Doubts Emerge Over Colombian Disarmament
By JUAN FORERO
BOGOTÁ, Colombia, Dec. 10 - Even as Colombian officials on Friday celebrated the disarmament of 1,400 right-wing paramilitary fighters in the Catatumbo region of northeast Colombia, rights groups and some lawmakers warned that the effort to demobilize the groups was moving too fast, with no verification of the results and no assurance it could bring lasting peace.
Officials hailed the effort in Catatumbo, which culminated in ceremonies in the region on Friday, as a major step toward ending the country's conflict and meeting the government's goal of disarming Colombia's 15,000 paramilitary fighters within a year.
But a respected local rights group in the Norte de Santander Province, which includes Catatumbo, says fighters with paramilitary death squads killed more than 300 people in the province in the year leading up to the demobilization, despite a cease-fire the fighters had promised two years ago after informal talks began. The rights group, the Progress Foundation, said that spate of violence has mocked the disarmament effort and raised the specter of future violence.
In a report in October, another rights group, the Colombian Commission of Jurists, said paramilitary groups had killed or caused the disappearances of 1,895 people nationwide from December of 2002 until this September.
The government's own human rights ombudsman also issued a report, in September, detailing murder, displacement, extortion and land seizures at the hands of the United Self-Defense Forces, the main paramilitary organization.
In Catatumbo, the fighters belong to militias under the command of Salvatore Mancuso, who has been convicted in absentia for murder and is wanted in the United States on drug trafficking charges. In a disarmament ceremony on Friday in the town of Tibú, Mr. Mancuso handed in a Beretta pistol and asked for forgiveness.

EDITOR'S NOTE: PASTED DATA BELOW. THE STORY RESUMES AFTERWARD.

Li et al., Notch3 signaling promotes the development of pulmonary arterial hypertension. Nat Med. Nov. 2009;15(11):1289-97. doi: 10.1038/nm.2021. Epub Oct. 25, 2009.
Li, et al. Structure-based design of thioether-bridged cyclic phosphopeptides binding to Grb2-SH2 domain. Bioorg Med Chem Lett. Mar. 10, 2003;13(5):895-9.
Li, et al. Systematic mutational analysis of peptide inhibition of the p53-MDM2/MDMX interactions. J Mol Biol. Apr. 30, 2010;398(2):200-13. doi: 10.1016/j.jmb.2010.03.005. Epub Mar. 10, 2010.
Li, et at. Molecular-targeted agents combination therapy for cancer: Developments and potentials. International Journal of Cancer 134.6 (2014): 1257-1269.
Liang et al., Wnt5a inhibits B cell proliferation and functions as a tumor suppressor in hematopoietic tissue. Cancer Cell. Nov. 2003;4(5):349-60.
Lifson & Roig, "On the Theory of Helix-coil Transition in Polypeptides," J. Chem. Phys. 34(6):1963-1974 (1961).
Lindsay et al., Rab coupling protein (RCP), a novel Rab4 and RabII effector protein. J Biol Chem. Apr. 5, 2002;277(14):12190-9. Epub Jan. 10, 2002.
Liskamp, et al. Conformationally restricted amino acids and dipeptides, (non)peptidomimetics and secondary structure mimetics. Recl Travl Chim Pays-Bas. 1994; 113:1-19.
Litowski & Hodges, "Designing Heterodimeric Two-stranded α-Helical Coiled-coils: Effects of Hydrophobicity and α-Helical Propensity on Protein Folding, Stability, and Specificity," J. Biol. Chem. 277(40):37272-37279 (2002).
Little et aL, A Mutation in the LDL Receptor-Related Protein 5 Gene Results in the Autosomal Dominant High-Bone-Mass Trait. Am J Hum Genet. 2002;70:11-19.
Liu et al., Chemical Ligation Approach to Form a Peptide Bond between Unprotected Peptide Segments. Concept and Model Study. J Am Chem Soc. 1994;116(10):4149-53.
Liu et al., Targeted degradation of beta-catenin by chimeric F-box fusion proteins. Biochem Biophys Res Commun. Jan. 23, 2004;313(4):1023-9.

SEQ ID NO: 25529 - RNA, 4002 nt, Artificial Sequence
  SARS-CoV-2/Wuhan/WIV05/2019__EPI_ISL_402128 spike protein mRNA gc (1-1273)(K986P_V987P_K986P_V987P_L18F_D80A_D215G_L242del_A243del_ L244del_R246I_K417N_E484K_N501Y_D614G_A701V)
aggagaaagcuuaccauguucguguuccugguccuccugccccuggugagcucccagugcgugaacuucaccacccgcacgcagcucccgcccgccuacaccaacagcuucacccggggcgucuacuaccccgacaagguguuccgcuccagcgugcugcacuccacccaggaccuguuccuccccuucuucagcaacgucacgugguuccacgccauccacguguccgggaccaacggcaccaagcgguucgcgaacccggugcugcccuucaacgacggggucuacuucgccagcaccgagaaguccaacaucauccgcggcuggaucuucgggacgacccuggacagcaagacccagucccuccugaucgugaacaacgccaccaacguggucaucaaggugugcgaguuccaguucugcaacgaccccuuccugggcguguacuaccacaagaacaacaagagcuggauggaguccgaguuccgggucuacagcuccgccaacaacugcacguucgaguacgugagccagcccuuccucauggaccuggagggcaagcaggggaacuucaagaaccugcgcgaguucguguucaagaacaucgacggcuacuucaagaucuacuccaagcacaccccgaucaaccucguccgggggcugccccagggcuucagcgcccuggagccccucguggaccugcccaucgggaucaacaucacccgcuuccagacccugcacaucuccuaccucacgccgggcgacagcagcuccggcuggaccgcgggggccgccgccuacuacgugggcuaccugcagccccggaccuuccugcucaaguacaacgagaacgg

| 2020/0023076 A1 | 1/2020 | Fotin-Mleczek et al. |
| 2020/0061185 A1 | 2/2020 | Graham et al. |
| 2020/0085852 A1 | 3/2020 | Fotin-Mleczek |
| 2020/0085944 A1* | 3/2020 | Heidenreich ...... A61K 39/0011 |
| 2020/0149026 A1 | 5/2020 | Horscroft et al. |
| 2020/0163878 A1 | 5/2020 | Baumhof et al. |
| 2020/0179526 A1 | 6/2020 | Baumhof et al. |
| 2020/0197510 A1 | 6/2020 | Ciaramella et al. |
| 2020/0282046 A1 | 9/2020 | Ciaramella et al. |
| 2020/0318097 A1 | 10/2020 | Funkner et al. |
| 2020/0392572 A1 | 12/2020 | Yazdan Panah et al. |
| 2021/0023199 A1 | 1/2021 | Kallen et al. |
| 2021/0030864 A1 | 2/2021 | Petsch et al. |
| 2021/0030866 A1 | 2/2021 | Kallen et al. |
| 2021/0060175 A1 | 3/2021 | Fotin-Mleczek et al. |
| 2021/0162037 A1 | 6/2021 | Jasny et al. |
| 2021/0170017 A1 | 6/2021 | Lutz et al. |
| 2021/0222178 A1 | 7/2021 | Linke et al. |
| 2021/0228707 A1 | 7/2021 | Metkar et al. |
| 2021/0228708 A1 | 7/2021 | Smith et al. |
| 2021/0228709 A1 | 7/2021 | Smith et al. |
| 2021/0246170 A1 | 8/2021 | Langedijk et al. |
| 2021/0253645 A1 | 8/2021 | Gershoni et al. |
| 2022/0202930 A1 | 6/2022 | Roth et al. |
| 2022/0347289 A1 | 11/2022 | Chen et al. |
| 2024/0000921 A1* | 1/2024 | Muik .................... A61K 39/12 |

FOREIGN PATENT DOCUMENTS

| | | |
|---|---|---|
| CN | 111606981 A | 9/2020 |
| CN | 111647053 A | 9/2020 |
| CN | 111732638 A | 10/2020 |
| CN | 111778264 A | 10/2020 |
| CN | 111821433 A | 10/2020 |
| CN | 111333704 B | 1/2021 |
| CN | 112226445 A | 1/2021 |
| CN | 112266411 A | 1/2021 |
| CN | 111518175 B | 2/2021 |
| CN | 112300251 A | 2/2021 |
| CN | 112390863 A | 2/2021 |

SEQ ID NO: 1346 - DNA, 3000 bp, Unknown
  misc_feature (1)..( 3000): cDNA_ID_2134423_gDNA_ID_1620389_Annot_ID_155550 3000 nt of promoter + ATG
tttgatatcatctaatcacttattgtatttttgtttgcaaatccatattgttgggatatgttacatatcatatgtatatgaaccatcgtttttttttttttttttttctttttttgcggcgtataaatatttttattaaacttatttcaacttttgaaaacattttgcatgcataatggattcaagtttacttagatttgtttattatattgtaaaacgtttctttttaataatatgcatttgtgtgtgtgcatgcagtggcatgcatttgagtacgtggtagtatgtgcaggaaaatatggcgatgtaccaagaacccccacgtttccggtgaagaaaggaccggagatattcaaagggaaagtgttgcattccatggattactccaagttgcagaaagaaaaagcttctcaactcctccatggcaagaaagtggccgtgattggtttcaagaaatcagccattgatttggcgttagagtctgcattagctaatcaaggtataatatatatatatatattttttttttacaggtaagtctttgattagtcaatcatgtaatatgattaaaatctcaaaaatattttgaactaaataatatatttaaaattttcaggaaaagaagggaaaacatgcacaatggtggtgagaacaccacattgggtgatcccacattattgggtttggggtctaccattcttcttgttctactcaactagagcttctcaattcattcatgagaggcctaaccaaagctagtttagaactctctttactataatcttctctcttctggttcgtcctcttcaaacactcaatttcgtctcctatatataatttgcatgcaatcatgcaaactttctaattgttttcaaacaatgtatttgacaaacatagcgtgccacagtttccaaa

"With my soul flooded in humility," Mr. Mancuso said, his eyes tearing up, "I ask the pardon of the people of Colombia."
But for many villagers in the region, his words rang hollow. "What are these 1,400 men going to do now? What?" asked Isabel Obregón, whose husband, Tirso Vélez, was slain by paramilitary gunmen in July. "All they know is how to kill."
That concern is also held by rights groups and diplomats, who say that with no real independent verification process, the paramilitaries could regroup and continue to traffic drugs and take aim at their enemies.
In an effort to erode support for Marxist rebels and control the booming drug trade, the paramilitaries entered the Catatumbo region, which borders Venezuela, in the 1990's. The rebels hit back, planting land mines, striking debilitating blows against the invaders and killing civilians.
Under this spiraling violence, the paramilitary groups have started to disarm in stages around the country, with the demobilization on Friday the largest since the first disarmament in November 2003.
But diplomats, rights groups and some members of Congress here say the government is moving too quickly, allowing killers to disarm without having a legal framework in place to investigate and try them.
"After 1,400 paramilitaries demobilize, who can guarantee that they will not continue to exert control as civilians, supported by the vast illegal empire that they built with the narcos?" Colombia's leading newspaper, El Tiempo, asked in an editorial on Thursday.
Until now, the paramilitary groups have shown little inclination to stop killing. Ms. Obregón said that in the case of her husband, the fighters took aim at him because of his leftist leanings.
"They killed all kinds of people, leaving widows and refugees," she said. "What kind of peace is this?"